lost at Carrhae. Valerian. into Before the the universal legions.ollection Ltd) constituted buffer states for Roman provided territory in Anatolia and the Levant. briefly establishing fought energetically swore an oath of loyalty to him. and Trajan success was decisive.lrhough the remains of the wall re only a few courses high. a province in loyalty was focused on him and no one else. of veterans looking to their commanders and Augustus could own he must approved and controlled The problem This arrangement dethroned worked for a while.ARLY EMPIRE 27BC-AD235 THE ROMANS A Roman mosaic from Carthage showing a Vandal horseman. before Augustus Carrhae. The men were paid by the any feat of gallantry. The support rested emperor on military emperor. entered citizens recruited Roman fortresses the auxiliary units. upset by the sight of the camels. Mesopotamia. by Augustus. Service conditions were the soldiers' legal status and rights.. All of these troops were kept directly under his personal control. and successively in AD212.though. was and often to provide being threatened. Severus (193-211) monarchy emperor again defeated which had always been In 226 the Parthian the Roman was overthrown by the Sassanid reduced- of a combination of citizenship traditionally of citizen non-citizen were troops. and. a suitable line on which to base legionary the Romans maintained positions in as along the Rhine and the Danube. in AD20. when a new Armenian He also took great care to ensure the loyalty of the army. depended on the power and of its arnues. and the Arabian Gulf. felt their power each soldier was entitled pay. and Trajan campaigned Mesopotamia. ideally for expansion. Thereafter the upper and middle Euphrates . as by the Parthian king Vologases I in the 60s. although Roman tribes who knew how to operate in this inhospitable lands to the west intermittently. Remarkably little is known about the 76 177 . This. totally refused to be urged against the enemy. describing their defeat by the Moors III North Africa: [They] were no good with javelin and bow. the riginal wall was 4. . However. the Romans Corbulo prince. Roman king Vologases III them with some form of livelihood that the legionaries' emperor. but that It was be either to a plot of land or a lump sum of money. Cnaeus Domitius have their invaded Armenia. while in 260 captured in Mesopotamia.8m (6ft) battlements n top of it. had his Praetorian and also formed a police force (the Urban Cohorts) Armenian returned appointed and Transcaucasian the Roman standards lands lost the year the Parthians ruler was was fire brigade (the Vigiles). (© G Tortoli/AAA . On honourable discharge were fixed. Between the river Euphrates a key interest Roman military reform Augustus and the army Before he became legions. For the first time Rome Guard. finally decided and their commander that the Parthians by Rome.5m (15ft) igh with 1. who in the to the head of the Persian 160s Lucius Verus Gulf. when they performed by him. was at long last averted. Octavian remodelled the army into a permanent force of 28 powers The and of the army was crucial to him because as emperor.. nor did they know how to fight on foot . For the Romans the east was the prestigious for conflict. (© AAA Collection Ltd) 'his section of Hadrian's Wall asses Houscsteads Fort near lexham in Northumberland . along with the soldiers' funded by a special Military subsidised. also took care an Armenian leader. Treasury iaerariurn militare) which was supervised. and annexed Persians. received Augustus' events beyond. luring successive western rulers with the renown to emulation: of Alexander the Great's achievements Caesar and regained the a permanent garrison. desert offered a reliable terrain troubled area buffer zone. and their horses. (161-69) in Lower the Parthians received medals awarded The Roman composed extension non-citizens Empire and in the 190s Septimius new territory. force. until 114 when the Parthian invaded Parthia. Procopius had this to say about the Vandals.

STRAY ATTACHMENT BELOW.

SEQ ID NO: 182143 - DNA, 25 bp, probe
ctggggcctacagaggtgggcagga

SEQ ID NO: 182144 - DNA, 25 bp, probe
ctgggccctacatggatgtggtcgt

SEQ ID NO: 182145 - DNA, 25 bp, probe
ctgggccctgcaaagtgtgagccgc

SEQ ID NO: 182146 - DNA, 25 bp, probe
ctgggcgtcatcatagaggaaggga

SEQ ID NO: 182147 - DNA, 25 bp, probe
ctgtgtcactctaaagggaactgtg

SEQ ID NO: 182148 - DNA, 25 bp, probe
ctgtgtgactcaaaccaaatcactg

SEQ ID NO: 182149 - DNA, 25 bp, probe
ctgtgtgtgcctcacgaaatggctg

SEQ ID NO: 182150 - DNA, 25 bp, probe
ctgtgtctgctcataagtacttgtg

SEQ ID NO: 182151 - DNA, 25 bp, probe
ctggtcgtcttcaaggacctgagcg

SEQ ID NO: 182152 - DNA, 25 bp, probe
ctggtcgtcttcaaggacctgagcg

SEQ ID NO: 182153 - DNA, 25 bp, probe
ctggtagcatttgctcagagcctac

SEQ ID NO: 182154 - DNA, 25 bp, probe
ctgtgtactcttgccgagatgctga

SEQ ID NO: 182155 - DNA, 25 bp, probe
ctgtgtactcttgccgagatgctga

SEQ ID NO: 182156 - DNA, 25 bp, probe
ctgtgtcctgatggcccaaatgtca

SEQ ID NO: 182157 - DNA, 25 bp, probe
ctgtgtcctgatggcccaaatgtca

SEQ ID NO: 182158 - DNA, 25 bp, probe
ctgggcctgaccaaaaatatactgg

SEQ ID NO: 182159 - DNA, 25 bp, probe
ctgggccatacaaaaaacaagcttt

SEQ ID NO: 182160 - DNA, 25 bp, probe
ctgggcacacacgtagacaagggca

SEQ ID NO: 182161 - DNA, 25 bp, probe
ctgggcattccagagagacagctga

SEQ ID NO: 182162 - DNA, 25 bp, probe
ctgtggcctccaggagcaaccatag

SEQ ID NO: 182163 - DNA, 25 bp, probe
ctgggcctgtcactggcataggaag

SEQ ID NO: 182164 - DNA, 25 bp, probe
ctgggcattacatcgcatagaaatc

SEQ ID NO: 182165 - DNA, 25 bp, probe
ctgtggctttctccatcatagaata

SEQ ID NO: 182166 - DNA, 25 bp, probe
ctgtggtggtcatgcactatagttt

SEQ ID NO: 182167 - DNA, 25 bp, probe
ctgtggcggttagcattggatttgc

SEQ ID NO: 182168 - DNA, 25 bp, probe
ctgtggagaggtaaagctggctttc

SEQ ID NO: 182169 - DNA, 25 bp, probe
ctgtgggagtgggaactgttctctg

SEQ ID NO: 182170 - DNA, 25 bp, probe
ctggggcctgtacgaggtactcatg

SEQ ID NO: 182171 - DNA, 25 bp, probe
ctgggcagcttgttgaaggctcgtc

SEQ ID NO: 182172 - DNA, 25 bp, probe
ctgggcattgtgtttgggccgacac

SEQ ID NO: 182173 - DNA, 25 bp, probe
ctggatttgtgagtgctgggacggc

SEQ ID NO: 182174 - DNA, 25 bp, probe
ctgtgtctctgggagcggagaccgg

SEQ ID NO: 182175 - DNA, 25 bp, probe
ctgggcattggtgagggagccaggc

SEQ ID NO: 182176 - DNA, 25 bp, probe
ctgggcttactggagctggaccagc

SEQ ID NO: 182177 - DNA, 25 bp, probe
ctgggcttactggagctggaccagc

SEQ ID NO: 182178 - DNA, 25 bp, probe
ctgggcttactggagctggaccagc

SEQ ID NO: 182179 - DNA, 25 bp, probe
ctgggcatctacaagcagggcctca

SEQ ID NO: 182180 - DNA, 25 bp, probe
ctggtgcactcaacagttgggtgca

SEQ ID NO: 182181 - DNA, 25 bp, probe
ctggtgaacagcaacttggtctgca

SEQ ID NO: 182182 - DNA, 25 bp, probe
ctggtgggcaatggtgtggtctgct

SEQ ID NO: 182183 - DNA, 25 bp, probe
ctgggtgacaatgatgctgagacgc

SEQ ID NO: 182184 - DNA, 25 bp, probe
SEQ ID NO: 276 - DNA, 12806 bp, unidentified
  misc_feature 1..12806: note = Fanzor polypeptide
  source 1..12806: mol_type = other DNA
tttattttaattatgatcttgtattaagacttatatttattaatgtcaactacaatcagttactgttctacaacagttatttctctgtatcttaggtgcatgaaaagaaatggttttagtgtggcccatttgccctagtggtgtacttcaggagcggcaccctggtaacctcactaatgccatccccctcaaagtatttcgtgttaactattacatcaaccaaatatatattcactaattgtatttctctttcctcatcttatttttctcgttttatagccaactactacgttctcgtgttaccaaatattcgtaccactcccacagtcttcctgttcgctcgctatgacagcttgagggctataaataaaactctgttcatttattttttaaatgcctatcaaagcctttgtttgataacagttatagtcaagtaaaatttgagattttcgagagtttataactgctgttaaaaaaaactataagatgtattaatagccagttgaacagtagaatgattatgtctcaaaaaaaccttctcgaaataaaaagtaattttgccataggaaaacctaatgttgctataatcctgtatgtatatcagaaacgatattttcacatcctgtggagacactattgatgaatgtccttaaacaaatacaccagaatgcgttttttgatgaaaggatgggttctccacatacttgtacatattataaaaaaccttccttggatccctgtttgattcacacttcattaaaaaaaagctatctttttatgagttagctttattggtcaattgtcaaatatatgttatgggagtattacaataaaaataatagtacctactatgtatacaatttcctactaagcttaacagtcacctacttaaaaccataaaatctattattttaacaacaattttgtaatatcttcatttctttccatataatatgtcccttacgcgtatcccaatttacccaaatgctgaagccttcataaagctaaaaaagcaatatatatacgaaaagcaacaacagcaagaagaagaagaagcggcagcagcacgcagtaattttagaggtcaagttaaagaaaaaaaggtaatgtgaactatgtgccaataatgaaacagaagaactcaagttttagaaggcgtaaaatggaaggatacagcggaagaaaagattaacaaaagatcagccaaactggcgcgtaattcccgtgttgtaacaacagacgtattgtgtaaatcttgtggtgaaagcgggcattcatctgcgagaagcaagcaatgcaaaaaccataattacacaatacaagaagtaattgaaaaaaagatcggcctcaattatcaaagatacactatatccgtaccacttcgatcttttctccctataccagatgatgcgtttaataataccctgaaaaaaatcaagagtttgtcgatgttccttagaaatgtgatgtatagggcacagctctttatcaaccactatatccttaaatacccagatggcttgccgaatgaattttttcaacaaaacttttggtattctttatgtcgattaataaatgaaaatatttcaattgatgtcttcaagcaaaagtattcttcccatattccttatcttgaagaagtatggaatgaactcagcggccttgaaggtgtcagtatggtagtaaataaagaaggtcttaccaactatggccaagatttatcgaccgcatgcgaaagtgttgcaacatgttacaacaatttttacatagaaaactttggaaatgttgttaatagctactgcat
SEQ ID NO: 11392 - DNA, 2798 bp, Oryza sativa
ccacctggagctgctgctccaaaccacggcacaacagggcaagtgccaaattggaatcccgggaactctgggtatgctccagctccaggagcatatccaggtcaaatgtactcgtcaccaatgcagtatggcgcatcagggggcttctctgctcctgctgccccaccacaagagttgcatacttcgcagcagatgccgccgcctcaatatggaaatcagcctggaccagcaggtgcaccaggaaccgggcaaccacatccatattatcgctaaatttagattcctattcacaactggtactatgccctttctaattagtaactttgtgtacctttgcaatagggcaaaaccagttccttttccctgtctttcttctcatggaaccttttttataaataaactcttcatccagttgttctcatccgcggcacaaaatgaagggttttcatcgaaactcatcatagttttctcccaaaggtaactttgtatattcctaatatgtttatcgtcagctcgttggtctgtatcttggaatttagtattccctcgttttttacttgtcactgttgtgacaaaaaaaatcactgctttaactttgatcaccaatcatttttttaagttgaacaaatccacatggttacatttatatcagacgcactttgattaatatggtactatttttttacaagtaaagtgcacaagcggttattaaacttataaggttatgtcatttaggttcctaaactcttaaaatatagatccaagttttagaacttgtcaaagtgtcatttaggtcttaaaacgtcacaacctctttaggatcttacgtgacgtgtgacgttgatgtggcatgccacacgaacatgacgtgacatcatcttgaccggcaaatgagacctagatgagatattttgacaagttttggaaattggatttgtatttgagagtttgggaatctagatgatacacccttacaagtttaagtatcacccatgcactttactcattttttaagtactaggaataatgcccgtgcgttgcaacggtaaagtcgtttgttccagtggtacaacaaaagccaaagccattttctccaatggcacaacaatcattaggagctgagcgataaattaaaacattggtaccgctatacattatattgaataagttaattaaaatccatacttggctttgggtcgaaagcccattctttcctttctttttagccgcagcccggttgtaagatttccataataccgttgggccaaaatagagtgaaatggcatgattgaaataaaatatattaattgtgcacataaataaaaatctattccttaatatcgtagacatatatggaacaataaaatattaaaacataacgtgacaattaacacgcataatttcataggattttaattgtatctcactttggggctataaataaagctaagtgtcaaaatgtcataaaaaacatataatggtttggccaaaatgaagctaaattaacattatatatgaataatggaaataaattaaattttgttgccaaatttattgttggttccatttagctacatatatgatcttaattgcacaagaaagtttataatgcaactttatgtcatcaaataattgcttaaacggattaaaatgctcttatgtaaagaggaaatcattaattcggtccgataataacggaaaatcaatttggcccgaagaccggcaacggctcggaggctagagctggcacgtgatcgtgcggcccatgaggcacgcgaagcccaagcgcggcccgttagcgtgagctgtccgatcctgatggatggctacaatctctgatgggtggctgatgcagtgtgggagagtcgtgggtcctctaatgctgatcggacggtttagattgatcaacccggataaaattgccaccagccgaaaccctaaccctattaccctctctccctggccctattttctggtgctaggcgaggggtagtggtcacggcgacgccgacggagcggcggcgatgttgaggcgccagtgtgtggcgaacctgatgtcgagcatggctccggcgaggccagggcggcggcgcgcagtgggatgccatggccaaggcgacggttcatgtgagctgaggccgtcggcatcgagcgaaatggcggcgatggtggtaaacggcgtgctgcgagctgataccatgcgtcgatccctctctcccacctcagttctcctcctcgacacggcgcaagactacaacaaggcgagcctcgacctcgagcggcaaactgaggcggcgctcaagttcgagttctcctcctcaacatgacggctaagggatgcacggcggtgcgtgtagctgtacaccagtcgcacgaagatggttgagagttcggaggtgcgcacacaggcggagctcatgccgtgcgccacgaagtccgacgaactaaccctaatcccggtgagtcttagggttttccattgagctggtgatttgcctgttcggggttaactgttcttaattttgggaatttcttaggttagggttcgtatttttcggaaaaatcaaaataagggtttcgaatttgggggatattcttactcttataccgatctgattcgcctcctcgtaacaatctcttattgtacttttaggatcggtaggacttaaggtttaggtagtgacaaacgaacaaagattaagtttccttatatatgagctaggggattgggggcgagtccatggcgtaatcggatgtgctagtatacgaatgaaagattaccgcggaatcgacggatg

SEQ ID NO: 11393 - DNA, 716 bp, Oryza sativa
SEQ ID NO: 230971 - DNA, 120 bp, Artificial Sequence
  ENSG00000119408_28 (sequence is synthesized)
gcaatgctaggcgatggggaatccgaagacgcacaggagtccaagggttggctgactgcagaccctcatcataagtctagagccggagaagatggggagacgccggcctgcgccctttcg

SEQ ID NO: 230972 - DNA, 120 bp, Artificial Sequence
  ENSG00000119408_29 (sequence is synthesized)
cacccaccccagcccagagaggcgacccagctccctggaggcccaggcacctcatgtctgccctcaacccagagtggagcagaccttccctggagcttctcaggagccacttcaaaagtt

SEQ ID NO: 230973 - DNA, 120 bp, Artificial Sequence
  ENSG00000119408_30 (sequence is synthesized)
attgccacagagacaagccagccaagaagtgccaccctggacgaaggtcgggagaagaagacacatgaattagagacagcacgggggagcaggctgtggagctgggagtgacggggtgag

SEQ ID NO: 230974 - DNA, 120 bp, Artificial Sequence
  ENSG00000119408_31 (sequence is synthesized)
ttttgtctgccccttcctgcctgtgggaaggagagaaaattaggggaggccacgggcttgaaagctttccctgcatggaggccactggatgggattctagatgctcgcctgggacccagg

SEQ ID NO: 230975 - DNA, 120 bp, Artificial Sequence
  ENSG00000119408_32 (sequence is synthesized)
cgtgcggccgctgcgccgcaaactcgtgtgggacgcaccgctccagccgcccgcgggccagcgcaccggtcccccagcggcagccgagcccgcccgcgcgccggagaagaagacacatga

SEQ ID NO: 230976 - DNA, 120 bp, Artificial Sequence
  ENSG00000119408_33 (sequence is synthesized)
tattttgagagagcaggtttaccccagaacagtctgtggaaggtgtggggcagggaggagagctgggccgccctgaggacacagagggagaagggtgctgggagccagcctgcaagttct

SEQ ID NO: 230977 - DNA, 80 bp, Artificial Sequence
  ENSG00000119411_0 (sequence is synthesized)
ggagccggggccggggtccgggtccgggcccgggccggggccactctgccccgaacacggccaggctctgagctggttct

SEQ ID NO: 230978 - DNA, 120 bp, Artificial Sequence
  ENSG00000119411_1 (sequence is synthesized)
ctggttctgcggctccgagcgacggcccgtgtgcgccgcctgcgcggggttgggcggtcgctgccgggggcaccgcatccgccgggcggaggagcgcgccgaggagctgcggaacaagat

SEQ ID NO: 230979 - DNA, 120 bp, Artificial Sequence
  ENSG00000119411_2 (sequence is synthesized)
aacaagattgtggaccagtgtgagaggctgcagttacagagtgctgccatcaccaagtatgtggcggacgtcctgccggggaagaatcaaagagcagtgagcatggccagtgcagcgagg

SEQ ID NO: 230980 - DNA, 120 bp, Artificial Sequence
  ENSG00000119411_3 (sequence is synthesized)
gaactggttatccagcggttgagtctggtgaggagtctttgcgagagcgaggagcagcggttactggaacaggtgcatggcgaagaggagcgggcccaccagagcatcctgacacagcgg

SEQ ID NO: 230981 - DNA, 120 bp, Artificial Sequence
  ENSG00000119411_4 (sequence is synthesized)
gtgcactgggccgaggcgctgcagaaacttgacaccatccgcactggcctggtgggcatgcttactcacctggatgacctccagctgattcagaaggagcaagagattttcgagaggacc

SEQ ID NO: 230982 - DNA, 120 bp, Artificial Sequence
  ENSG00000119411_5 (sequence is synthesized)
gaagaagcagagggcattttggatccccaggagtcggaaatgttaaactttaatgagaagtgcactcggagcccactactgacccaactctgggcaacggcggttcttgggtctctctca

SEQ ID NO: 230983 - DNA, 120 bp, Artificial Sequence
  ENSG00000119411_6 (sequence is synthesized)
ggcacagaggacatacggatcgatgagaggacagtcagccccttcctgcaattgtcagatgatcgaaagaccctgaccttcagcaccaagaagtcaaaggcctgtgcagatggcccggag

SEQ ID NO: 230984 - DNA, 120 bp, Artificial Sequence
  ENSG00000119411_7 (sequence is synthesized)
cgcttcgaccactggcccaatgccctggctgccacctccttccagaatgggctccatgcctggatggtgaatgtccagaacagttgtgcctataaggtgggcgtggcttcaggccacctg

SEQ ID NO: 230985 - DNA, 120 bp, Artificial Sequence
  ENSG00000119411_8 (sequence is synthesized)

which was once dated to the early second century. impractical is a feature special form (equites) after about five years' service as infantry. a Roman did not become size and renowned ferocity. distinguished from them by wearing lion masks and pelts. who formed the emperor's by a special specific form Literary Praetorian standards imperial of boot (imagines) attached have had such Praetorian standards to them. otherwise Praetorian equipped along with military whilst . on occasion. over For the first century bodyguard period reliable of German emperors standard-bearers. the Julio-Claudian but they had their been identified on Trajan's decorations own riding instructor from their display of such portraits had a personal of crowns. ruthless regime. but there was also some element At times. whilst following a convention of distinguishing auxiliaries their use of mail shirts. enjoying shorter service and knee. Praetorians. similar to their contemporaries and to crush unrest. These appear in a famous relief now in the Louvre. however. palace ¥ost distinctive of all.but recent research suggests that the Praetorians in a manner male garment. perhaps often. Paris. Comfortable worn by soldiers and civilians alike. like legionary they carry the small round on the monuments. and other reliefs on discharge. army. but is now recognised combination as coming from the Arch of Claudius erected in ADS1. military especially in the and were always closely associated service as units drew on veteran settlements. There is nothing to suggest that the rest of the Praetorians' Column. Praetorians Recruitment the Germans (Germani Corporis Custodes) were in effect a private and Gaul. Indeed. and legionaries are armed identically with javehn and certain items of dress and insignia which were peculiar to the Organisation The great majority Guard cavalry did include of the Praetorian an attachment Guard were infantry but. known bodyguard. with manpowerneeds The Germans acted as infantry when on guard at the palace but as cavalry in the field. to discourage with their shaggy beards. Their origin lay in the as more the standard-bearers of the civil wars. the Praetorians were the envy of the legionaries for an elite fighting unit. A snapshot of the Praetorian Guard at the time of the Julio-Claudians The Praetorian Guard has become a byword for military force that is used to prop up a in the Roman Empire. unit under the separate At that point Augustus command appointed of two rank (i. two Dacian ascribing by yet when the Guard to have been well enough trained between Praetorian officered to acquit themselves well. There were.something of as imparting archaic look to the Praetorians akin to the red tunics and bearskins of the modern were simply equipped British Foot Guards . The tunica was the basic Roman soldiers wore it short above the red. and the oval shield. There is no doubt that they performed As the main body of troops plotting and rebellion this function in Rome they were the emperor's instrument to discourage line of the so-called 'Attic' helmet with bushy crest. and they received The strength and were commanded of the Principate. with the Praetorians. they proved efficient and to both. was intended '8 179 . as with the legions. troops operating honorific bronze imagines carried have therefore portrait-bearers Column (imaginiferi). arms and equipment differed at the frontiers. alongside mercenaries whose the Praetorians. by a centurio speculatorum. they could also. but the available defence. in the late first and second centuries. These form. the of cavalry. and inscriptions citizens. campaigned in person and took the Guard with them. All this might seem an unlikely background did take the field. seems to make no distinction segmented armour which depicts the story of Trajan's and legionary equipment. force. The use of Germans. although assumed that the soldier's and relatively safe in their barracks in Rome. and often involved in nothing more arduous stationed than sentry-duty at the palace. and evidence suggests that the normal colour was white or off-white.ARLY EMPIRE 27BC-AD235 process of recruitment: being apportioned of hereditary conscription was probably always a feature. It is frequently tunic was usually better pay and bonuses than any other unit in the Empire. Inscriptions suggest that men could become The Guard also had a special cavalry of Guard.mainly different types shield and are are nevertheless to bearskins. as opposed citizens Unlike their helmets and down their backs. of this body of men is uncertain. a situation which was to later highlight citizens were employed inherent Uniform and equipment The appearance of the Praetorians undoubtedly changed somewhat throughout the course of of the their history. in particular have always been regarded as characteristic the weaknesses in training your enemies to your fighting technique. the colour of undyed wool. They were the emperor's be his most deadly enemies. unknown diplomas as the speculatores Augusti. but some types of equipment Guard. when emperors frequently loyal. Trajan's wars. nevertheless. Praetorians a sword worn on the right side. most immediate in the legions. perhaps. rather than a genuine part of the Roman service offered a reasonably good and quite safe career for the young provincials. if they served close to home. when foreign than a guard of Roman seem to have been regarded loyalties might be divided. they appear from that of the legions. men the were apparently distinguished out-of-the-ordinary sources suggest elite cavalry section. was direct from Germany Roman show that the individuals immense Duties Until 2BC each Praetorian a tribune of equestrian cohort was an independent knight). The a conscious of Attic helmet and oval shield has been thought . was the civilian toga worn whilst on duty at the AD. The symbolism apparently of standard had and political unique used to the by the portraits and in the Capitol of this Less in the first two centuries form of dress is the that significance Praetorians. paramilitary THE ROMANS in line with census records of citizens. They were. More and more newly created Roman army.e. whereas the legions and auxiliaries separately by special seem for the most part to caliga speculatoria. assassins.